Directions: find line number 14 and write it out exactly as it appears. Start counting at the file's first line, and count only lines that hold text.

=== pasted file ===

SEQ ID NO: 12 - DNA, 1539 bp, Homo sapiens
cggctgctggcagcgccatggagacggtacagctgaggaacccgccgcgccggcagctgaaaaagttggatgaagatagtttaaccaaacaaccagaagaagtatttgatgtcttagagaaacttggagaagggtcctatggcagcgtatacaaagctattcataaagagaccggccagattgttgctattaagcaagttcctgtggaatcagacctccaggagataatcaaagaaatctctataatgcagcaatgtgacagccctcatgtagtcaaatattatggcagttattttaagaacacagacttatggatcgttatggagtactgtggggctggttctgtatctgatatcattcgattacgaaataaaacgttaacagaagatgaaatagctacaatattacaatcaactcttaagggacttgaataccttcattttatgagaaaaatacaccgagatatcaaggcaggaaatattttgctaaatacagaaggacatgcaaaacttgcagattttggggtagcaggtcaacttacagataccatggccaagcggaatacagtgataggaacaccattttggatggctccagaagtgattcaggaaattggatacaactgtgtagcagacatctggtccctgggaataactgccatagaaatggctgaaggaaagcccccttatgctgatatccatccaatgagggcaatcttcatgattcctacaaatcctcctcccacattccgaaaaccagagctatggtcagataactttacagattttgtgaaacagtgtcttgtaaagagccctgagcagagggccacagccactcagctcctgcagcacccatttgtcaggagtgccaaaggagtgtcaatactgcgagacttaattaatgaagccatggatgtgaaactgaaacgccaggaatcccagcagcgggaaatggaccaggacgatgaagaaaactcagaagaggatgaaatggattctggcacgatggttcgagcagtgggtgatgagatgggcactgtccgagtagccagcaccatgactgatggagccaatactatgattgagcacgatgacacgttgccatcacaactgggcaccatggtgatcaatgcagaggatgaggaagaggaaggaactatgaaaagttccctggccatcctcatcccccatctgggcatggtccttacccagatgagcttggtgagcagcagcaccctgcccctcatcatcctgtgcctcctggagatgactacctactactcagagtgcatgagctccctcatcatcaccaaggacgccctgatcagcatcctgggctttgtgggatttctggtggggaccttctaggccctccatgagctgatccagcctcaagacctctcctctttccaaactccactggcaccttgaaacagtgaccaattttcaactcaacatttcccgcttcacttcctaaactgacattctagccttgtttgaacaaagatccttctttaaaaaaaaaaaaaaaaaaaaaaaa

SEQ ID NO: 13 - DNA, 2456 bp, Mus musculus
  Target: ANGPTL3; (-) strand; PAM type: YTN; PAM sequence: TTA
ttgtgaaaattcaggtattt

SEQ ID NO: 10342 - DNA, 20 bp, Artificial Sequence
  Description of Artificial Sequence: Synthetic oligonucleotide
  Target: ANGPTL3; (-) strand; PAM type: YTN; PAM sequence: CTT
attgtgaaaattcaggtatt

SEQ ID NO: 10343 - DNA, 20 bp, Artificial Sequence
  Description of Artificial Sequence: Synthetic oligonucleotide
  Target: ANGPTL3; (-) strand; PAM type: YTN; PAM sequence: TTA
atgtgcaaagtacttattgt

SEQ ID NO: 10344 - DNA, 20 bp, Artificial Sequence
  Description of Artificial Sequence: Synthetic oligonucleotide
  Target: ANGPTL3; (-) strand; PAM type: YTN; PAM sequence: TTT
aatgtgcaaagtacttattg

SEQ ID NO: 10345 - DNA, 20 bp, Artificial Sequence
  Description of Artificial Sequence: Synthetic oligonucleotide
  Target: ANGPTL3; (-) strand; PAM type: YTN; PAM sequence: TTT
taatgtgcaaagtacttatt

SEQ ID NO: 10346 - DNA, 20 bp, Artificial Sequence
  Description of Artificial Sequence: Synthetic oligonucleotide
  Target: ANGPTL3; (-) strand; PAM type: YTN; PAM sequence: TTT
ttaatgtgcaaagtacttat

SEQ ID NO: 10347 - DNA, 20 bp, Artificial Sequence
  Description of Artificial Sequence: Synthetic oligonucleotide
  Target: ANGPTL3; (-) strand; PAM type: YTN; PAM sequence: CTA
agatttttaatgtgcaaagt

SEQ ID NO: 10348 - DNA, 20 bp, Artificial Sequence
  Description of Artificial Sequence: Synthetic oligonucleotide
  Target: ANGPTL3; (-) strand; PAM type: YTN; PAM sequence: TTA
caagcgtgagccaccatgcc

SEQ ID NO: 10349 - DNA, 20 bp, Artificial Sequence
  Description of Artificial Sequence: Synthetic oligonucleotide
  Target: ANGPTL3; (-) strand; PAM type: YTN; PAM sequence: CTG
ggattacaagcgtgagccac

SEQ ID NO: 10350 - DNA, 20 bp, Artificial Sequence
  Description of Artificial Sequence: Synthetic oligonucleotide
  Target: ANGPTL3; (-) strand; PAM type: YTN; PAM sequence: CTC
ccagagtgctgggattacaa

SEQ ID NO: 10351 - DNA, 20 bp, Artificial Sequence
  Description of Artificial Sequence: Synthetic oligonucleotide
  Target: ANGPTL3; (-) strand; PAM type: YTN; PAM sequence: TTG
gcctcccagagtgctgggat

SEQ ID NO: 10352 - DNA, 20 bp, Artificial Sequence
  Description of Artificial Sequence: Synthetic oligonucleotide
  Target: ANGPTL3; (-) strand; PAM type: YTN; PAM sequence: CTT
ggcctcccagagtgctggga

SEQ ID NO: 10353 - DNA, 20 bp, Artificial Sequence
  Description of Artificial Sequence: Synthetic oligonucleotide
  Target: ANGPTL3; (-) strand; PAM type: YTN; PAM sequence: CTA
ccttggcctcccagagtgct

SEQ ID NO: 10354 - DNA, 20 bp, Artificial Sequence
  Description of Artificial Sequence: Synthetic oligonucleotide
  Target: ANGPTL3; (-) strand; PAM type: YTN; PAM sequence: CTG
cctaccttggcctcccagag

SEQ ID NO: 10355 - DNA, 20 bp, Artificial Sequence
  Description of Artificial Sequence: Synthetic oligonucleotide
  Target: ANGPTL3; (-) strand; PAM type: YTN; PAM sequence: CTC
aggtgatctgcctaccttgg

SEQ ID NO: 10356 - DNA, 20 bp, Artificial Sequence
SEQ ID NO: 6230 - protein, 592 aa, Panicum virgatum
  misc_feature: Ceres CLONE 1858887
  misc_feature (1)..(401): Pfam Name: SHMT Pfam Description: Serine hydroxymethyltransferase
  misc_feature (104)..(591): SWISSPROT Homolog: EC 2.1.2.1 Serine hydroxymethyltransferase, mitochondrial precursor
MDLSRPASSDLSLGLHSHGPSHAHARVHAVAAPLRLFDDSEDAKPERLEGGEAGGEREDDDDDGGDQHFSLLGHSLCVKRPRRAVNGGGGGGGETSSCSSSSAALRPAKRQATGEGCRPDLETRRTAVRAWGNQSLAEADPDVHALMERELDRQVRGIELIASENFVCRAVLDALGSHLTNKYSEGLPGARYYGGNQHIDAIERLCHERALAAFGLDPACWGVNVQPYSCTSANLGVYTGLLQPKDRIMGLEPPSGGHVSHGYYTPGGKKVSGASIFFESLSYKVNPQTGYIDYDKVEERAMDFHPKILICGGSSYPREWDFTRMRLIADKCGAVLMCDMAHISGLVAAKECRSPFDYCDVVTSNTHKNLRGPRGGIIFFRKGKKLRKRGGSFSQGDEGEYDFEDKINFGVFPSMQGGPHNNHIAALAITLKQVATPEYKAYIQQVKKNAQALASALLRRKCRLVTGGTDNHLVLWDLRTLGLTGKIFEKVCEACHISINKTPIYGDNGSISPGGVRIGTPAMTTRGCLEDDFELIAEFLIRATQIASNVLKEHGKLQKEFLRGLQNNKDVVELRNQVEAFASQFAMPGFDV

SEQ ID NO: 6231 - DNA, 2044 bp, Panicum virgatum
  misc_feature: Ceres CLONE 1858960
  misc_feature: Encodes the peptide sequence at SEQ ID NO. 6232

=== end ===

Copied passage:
SEQ ID NO: 10344 - DNA, 20 bp, Artificial Sequence